The policy emphasizes the importance of mitigation activities that achieve a “net gain” of affected resources. This means that the policy intends not only to prevent development-related harm or loss of species protected under the ESA, but it aims to actively increase the capacity of the landscape to support the recovery and growth of those species’ populations as compensation for the impacts of development.

H.J.Res. 60 was introduced on Feb. 2 to provide Congressional disapproval for the Endangered Species Act Compensatory Mitigation Policy. The Trump administration’s energy policy goals rely largely on opening up energy development leasing on federal lands, so the nullification of USFWS’ mitigation policy could lead to significant impacts for at-risk species.

As described in its Standing Position on Threatened and Endangered Species, TWS supports the legislation and enforcement of existing laws designed to safeguard wild populations. TWS opposes activities that jeopardize threatened and endangered species populations and supports the restoration of critical habitats.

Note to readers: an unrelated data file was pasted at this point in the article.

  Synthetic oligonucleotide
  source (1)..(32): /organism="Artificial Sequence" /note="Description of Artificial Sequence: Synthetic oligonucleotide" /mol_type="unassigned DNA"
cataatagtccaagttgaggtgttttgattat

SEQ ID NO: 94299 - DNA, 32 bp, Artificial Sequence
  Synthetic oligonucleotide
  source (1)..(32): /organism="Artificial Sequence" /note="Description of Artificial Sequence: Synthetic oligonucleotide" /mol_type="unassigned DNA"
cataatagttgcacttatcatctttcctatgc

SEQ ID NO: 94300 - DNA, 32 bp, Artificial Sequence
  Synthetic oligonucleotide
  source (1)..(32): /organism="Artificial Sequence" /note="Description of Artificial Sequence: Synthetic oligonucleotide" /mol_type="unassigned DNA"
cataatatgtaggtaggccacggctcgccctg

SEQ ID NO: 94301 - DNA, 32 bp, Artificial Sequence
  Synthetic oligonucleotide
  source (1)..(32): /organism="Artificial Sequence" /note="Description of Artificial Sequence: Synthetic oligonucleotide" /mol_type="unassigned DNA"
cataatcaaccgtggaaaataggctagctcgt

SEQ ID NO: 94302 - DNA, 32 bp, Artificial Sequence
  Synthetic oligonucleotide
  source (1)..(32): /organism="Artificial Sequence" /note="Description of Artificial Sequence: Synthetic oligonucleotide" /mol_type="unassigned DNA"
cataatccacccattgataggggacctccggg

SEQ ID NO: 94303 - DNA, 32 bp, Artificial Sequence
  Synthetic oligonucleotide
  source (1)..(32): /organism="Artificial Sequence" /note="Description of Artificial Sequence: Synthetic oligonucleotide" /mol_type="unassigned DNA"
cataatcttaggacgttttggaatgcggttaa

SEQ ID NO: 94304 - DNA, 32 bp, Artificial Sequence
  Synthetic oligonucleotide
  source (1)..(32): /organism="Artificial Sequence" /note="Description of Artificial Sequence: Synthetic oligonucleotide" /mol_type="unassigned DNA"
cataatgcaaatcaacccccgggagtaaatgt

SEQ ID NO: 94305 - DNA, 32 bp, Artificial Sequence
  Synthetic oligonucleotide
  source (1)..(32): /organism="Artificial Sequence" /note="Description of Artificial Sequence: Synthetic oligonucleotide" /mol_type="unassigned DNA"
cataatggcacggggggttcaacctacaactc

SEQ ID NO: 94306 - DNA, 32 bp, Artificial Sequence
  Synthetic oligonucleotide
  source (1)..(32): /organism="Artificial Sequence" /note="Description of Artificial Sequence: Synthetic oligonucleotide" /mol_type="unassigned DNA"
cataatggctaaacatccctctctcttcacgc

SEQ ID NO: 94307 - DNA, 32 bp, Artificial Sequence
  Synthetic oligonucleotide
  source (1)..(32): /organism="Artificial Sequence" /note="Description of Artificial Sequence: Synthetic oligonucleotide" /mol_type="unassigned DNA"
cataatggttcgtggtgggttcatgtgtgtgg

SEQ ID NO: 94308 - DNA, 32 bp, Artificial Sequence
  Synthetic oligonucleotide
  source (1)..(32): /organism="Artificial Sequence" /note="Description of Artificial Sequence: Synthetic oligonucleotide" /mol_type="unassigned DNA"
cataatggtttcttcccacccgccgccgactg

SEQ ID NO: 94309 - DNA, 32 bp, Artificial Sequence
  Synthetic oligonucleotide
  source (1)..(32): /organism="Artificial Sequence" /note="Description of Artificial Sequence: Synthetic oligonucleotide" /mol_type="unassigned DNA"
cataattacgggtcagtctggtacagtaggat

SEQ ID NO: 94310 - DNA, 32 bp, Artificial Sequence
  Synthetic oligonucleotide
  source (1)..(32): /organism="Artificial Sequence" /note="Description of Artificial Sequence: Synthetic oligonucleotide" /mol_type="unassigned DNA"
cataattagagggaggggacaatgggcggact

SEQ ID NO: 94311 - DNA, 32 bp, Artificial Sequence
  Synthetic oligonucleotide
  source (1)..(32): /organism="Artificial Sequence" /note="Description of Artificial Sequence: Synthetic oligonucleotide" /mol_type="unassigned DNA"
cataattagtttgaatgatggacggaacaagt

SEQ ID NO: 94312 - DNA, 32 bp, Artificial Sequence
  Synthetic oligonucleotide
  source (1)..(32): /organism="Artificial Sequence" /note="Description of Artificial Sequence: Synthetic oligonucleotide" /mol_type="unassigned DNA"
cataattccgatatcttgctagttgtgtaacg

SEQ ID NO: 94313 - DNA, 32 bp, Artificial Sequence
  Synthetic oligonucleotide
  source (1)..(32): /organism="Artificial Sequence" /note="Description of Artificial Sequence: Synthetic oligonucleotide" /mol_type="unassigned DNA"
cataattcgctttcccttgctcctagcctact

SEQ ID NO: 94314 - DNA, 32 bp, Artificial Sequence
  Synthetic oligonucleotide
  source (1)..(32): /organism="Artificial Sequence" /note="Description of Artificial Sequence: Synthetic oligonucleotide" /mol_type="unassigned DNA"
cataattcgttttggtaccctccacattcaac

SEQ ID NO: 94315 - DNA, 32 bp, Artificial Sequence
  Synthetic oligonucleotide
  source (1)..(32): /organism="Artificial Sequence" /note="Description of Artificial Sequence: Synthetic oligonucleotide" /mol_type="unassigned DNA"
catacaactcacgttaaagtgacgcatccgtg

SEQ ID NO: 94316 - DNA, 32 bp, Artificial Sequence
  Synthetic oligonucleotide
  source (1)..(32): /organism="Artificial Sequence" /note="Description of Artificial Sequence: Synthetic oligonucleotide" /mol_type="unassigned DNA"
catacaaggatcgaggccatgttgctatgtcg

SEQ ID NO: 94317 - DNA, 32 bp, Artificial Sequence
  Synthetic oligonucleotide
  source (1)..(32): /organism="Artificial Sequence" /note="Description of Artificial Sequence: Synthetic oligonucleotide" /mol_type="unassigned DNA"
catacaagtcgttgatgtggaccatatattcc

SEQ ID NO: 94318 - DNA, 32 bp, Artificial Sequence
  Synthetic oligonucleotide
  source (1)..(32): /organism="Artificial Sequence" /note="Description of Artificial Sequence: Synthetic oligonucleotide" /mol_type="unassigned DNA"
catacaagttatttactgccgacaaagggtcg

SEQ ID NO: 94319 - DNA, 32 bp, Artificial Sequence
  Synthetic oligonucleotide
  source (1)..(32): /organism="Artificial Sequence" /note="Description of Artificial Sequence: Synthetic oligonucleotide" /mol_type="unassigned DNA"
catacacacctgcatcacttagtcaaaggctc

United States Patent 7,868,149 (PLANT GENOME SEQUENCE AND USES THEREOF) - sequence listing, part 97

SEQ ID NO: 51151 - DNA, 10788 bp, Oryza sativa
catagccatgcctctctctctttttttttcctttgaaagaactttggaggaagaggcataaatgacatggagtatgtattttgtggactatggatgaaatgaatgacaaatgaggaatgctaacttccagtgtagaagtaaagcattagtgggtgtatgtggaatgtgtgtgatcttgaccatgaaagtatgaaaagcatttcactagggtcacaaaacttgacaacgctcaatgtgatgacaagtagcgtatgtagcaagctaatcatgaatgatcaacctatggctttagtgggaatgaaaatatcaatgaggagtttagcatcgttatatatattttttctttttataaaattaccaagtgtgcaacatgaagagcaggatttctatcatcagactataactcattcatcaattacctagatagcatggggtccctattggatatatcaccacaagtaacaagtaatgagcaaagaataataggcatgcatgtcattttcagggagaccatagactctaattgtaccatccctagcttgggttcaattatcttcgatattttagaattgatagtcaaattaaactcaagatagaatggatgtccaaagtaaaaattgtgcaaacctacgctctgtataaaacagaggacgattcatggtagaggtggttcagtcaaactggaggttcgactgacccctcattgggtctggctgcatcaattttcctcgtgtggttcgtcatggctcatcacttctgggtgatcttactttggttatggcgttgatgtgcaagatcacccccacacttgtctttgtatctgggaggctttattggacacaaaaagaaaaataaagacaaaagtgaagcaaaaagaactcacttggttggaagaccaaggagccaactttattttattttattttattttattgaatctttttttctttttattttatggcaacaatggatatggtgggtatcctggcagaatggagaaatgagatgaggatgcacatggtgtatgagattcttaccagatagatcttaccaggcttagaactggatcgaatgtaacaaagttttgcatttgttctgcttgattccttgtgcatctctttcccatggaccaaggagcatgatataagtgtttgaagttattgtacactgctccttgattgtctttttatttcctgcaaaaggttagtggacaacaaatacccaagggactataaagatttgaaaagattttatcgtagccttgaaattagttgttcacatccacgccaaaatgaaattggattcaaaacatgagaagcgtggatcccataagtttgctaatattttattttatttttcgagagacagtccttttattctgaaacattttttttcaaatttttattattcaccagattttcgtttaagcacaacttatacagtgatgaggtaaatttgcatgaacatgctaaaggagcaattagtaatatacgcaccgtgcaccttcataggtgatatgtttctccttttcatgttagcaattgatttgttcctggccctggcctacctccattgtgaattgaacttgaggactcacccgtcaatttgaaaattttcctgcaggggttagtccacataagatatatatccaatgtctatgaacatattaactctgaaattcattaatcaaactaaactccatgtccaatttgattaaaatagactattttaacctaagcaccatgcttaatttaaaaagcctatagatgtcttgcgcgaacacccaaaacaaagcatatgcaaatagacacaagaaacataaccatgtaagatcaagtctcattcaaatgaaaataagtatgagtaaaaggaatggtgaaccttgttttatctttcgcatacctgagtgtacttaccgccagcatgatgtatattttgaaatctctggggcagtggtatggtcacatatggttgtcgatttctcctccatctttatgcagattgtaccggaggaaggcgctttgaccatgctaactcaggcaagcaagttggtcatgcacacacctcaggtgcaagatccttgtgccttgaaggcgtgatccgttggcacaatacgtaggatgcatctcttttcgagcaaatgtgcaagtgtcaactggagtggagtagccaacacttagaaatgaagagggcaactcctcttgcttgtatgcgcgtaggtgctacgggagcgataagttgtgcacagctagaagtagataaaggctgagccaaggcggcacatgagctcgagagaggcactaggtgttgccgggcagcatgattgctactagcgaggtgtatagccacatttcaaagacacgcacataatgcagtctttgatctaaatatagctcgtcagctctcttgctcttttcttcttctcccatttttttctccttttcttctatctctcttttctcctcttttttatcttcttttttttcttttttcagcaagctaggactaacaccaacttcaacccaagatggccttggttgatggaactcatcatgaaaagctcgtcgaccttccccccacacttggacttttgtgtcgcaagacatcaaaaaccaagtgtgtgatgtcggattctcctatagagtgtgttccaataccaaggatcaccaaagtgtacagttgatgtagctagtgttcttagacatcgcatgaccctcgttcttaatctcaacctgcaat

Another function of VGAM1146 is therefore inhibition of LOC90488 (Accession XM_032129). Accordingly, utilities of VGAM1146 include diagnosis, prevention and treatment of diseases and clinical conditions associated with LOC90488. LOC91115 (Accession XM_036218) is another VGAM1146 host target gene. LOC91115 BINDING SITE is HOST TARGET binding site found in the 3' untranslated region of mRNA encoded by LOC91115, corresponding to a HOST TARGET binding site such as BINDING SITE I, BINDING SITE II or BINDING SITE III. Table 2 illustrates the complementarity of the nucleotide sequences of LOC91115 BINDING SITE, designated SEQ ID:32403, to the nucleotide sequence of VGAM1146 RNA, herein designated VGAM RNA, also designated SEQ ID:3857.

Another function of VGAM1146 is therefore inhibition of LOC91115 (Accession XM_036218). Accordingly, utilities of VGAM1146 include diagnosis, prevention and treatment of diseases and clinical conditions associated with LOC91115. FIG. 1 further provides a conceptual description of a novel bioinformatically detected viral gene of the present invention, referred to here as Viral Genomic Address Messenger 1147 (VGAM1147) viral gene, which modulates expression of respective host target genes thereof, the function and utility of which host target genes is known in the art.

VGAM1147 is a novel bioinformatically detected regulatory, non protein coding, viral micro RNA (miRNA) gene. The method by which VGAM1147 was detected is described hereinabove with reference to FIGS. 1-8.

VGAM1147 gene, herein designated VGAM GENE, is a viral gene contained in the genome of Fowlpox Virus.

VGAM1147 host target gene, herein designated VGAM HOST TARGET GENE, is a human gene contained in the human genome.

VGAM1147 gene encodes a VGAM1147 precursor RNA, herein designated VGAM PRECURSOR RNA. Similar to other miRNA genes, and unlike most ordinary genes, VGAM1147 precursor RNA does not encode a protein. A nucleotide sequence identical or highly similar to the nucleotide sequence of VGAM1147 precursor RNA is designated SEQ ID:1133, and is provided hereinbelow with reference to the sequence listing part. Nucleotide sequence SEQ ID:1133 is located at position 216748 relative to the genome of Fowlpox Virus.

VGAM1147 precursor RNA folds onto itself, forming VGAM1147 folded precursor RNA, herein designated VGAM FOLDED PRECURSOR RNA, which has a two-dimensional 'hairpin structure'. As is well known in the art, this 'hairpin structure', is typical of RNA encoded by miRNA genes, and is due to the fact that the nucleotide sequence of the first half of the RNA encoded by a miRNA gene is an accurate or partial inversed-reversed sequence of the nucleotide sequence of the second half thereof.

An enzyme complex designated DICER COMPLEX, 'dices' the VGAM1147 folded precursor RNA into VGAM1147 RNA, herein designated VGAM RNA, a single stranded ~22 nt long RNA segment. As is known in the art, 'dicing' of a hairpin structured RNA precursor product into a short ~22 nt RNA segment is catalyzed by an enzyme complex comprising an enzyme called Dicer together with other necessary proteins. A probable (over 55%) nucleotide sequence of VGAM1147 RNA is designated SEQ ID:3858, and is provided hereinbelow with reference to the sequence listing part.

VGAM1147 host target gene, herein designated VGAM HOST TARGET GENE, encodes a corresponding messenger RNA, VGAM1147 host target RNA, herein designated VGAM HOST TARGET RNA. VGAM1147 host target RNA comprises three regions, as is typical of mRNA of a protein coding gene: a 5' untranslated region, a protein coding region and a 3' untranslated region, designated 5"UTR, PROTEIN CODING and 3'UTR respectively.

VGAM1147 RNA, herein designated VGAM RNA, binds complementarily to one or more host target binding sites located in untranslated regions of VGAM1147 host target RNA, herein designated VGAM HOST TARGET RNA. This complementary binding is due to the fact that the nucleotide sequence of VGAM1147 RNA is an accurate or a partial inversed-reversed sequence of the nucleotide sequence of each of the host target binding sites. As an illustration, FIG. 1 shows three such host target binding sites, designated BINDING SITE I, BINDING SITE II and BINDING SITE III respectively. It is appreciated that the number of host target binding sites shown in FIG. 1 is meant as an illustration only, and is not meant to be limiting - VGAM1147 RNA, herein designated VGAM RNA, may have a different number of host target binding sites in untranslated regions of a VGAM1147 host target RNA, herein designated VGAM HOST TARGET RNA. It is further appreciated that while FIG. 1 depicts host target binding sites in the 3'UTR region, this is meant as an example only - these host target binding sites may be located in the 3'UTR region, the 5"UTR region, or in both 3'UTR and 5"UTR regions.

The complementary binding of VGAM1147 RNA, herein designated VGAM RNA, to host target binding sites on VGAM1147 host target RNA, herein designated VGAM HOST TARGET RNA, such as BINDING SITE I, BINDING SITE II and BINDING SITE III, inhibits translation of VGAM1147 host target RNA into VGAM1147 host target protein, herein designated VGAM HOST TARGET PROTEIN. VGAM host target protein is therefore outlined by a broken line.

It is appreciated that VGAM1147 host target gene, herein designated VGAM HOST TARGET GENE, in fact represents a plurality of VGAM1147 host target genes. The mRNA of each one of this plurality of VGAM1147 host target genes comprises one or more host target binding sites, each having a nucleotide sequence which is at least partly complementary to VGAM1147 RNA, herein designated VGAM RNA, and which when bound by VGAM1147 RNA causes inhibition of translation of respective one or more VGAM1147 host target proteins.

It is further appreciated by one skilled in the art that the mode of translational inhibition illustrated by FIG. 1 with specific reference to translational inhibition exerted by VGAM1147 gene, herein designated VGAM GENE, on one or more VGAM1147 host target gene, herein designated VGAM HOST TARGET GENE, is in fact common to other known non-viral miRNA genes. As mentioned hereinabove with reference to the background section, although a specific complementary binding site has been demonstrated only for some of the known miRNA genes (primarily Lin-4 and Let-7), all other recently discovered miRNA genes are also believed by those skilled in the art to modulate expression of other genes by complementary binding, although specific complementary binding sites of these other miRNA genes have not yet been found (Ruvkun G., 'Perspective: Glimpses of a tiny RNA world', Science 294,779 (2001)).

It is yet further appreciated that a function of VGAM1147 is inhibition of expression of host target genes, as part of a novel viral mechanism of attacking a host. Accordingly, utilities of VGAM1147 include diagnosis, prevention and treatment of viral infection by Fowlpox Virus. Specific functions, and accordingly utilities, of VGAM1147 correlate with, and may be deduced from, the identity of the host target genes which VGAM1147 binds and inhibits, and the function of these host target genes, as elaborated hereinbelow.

Read TWS’ Position Statement on Energy Development and Wildlife and its Standing Position on Environmental Quality through Resource Management.

Read TWS’ Technical Review on Impacts of Crude Oil and Natural Gas Development on Wildlife and Wildlife Habitat in the Rocky Mountain Region.

Rachel Schadegg is a policy intern at The Wildlife Society as part of the Government Affairs & Partnership program. Read more of Rachel's articles here.